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Homeowner dumbfounded after discovering haphazard mess left by sloppy contractor: ‘Who does this kind of crap?’

“It’s a … battle to get people to do things the right way.”

"It's a ... battle to get people to do things the right way."

Photo Credit: iStock

One outraged homeowner found a dangerous and destructive mess at the edge of their yard when a contractor got sloppy about disposing of excess concrete.

“Will these trees die?” the homeowner asked in a Reddit post. “They poured excess concrete like this.”

The attached photos show a construction area surrounded by a temporary orange mesh. A large pile of unused concrete is visible on the other side. Water, which is gray and opaque because of all the concrete in it, has pooled around the pile, running through the orange mesh and engulfing the trunks of a row of trees on the homeowner’s side.

“Surely [this] can’t be legal as it’s on our property?” the homeowner said. “Lead person in charge of the project wasn’t picking up the phone when we tried to reach them to question them why it came to something like this.”

"It's a ... battle to get people to do things the right way."
Photo Credit: Reddit
"It's a ... battle to get people to do things the right way."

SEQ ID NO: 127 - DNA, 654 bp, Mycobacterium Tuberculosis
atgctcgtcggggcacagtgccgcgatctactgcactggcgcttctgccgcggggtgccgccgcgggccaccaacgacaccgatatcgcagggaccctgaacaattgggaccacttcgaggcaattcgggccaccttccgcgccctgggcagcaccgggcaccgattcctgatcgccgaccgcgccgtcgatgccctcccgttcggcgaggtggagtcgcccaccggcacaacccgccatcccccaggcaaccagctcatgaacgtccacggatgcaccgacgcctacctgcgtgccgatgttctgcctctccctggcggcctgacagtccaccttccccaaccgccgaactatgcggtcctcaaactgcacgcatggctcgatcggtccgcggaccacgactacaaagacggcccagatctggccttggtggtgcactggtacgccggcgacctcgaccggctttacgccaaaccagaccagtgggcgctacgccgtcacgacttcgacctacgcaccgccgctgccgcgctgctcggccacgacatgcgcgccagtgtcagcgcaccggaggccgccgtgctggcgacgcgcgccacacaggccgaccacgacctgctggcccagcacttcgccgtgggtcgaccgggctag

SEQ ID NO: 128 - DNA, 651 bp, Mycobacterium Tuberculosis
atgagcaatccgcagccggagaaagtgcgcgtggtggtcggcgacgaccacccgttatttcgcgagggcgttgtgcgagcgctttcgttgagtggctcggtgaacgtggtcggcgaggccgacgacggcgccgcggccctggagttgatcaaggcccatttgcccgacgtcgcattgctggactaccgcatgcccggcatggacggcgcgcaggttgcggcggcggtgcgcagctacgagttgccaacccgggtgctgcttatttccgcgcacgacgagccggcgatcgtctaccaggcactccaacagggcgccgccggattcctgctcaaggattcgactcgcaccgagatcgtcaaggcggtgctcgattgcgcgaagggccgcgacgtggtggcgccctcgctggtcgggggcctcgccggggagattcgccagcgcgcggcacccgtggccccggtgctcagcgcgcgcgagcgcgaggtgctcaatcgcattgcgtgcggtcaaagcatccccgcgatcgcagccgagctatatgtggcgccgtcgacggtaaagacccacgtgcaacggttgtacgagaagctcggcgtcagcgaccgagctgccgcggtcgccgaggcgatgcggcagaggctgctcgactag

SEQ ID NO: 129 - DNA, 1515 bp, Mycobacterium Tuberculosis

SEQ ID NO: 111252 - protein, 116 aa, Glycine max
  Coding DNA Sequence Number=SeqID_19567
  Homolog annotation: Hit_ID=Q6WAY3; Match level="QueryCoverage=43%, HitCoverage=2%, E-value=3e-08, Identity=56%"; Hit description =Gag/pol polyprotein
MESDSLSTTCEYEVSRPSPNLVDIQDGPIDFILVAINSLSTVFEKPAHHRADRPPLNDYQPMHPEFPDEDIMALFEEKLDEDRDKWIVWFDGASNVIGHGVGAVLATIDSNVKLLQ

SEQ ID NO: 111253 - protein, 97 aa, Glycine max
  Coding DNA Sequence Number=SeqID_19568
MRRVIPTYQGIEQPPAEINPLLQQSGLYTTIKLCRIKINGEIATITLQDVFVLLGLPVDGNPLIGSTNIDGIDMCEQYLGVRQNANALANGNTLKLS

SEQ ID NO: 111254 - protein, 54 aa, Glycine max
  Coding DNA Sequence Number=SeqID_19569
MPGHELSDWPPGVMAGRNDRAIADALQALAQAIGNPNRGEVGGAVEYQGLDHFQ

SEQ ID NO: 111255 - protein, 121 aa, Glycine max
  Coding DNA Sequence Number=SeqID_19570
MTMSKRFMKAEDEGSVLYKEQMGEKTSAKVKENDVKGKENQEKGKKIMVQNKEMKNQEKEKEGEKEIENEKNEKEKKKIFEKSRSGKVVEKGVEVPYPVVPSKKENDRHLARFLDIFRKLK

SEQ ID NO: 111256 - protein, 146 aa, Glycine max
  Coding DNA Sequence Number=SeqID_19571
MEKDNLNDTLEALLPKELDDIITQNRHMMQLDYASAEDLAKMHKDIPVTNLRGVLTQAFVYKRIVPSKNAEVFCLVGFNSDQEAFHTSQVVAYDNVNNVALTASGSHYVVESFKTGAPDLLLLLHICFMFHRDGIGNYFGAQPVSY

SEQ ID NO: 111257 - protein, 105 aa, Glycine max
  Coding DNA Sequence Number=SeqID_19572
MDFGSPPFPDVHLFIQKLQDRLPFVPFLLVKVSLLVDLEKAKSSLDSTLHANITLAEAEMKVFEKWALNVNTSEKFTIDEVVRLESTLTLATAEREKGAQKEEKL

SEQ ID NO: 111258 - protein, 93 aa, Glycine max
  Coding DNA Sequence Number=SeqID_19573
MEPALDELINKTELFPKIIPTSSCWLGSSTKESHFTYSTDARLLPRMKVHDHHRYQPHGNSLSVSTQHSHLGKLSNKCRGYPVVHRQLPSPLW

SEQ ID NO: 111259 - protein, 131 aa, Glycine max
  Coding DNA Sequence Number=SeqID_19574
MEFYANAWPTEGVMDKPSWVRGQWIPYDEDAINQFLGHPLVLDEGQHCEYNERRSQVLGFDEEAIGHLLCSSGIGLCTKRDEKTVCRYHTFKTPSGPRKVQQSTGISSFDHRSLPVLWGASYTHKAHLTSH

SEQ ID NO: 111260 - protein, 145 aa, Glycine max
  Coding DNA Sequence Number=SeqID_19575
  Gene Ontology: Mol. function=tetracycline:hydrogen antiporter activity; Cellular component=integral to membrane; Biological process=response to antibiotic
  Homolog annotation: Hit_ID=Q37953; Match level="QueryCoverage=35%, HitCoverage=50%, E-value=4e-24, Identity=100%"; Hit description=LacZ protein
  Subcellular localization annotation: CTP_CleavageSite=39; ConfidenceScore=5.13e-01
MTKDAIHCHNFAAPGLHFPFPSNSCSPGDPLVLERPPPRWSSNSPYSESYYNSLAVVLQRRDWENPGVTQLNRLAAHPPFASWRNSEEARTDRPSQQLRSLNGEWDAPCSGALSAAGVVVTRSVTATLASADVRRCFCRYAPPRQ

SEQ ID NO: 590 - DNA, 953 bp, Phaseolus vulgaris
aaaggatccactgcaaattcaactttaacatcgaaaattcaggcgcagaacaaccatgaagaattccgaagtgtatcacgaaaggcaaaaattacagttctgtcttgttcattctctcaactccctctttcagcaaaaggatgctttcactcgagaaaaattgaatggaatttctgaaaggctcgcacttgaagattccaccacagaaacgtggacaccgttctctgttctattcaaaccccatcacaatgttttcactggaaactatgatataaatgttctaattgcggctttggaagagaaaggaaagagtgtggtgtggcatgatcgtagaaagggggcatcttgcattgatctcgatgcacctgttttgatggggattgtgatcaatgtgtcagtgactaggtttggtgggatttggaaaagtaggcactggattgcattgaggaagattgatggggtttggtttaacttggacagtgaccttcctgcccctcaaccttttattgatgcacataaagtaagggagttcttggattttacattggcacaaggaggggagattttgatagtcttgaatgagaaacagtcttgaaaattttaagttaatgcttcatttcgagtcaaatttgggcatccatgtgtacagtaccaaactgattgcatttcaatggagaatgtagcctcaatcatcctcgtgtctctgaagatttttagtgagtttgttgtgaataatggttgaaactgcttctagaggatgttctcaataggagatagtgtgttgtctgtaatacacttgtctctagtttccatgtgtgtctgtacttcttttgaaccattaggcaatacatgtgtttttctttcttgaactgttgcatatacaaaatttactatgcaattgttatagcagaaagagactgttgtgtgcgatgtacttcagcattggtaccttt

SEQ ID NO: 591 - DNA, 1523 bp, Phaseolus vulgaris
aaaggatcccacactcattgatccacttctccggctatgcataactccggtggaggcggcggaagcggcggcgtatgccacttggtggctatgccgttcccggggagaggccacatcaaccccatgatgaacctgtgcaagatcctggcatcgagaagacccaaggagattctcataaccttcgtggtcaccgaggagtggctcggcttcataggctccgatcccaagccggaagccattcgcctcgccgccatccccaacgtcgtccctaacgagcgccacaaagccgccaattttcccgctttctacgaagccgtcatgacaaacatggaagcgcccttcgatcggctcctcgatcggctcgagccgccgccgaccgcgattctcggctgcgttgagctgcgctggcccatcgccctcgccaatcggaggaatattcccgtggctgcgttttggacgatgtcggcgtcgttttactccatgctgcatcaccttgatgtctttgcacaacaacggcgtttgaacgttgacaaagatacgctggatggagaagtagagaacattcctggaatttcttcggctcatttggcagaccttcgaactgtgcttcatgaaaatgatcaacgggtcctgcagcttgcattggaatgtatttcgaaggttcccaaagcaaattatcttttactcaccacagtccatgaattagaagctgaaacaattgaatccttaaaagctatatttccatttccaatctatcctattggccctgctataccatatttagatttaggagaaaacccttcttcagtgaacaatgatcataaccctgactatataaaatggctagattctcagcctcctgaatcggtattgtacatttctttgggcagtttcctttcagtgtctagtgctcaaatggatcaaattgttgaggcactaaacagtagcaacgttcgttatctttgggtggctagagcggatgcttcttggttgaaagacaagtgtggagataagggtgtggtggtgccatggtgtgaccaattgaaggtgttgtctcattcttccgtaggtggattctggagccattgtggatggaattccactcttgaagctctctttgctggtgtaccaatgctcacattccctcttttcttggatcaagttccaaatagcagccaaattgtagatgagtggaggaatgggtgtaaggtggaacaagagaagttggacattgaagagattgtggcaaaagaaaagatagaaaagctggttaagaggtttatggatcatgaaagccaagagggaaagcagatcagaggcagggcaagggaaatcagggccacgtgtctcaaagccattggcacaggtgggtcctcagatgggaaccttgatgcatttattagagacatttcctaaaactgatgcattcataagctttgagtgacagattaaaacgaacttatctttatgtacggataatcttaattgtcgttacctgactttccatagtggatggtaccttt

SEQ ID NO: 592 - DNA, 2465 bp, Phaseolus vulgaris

Photo Credit: Reddit

Ordinarily, concrete that has set isn’t dangerous to trees. However, if something like acid rain comes along to dissolve the cement in the concrete — or if some careless contractor lets wet cement seep into the soil — it can damage the soil quality and harm the trees and plants growing there.

“OMG, who does this kind of crap?” demanded one commenter.

Other commenters suggested that what likely happened was that the contractor had done a “washout” in the area, meaning that’s where they’d washed off excess concrete from their equipment.

“I’m an inspector,” said one user. “I’ve seen idiots washout in crazy places. I’ve even seen a company that rented washout bins drive to a storm inlet, and dump the hydration water into the drain. Luckily we caught them, and made them get a vacuum truck to clean everything out. But it’s a f****** battle to get people to do things the right way if you’re in an area where the specs and regulations aren’t consistently enforced.”

“If you are in the U.S., the EPA would likely be interested in that concrete company and their washout policy. Not allowed to do that anymore,” said another user.

This isn’t the first time a Reddit user has come across this kind of pollution. One way to avoid this problem would be to use greener building materials from the start.

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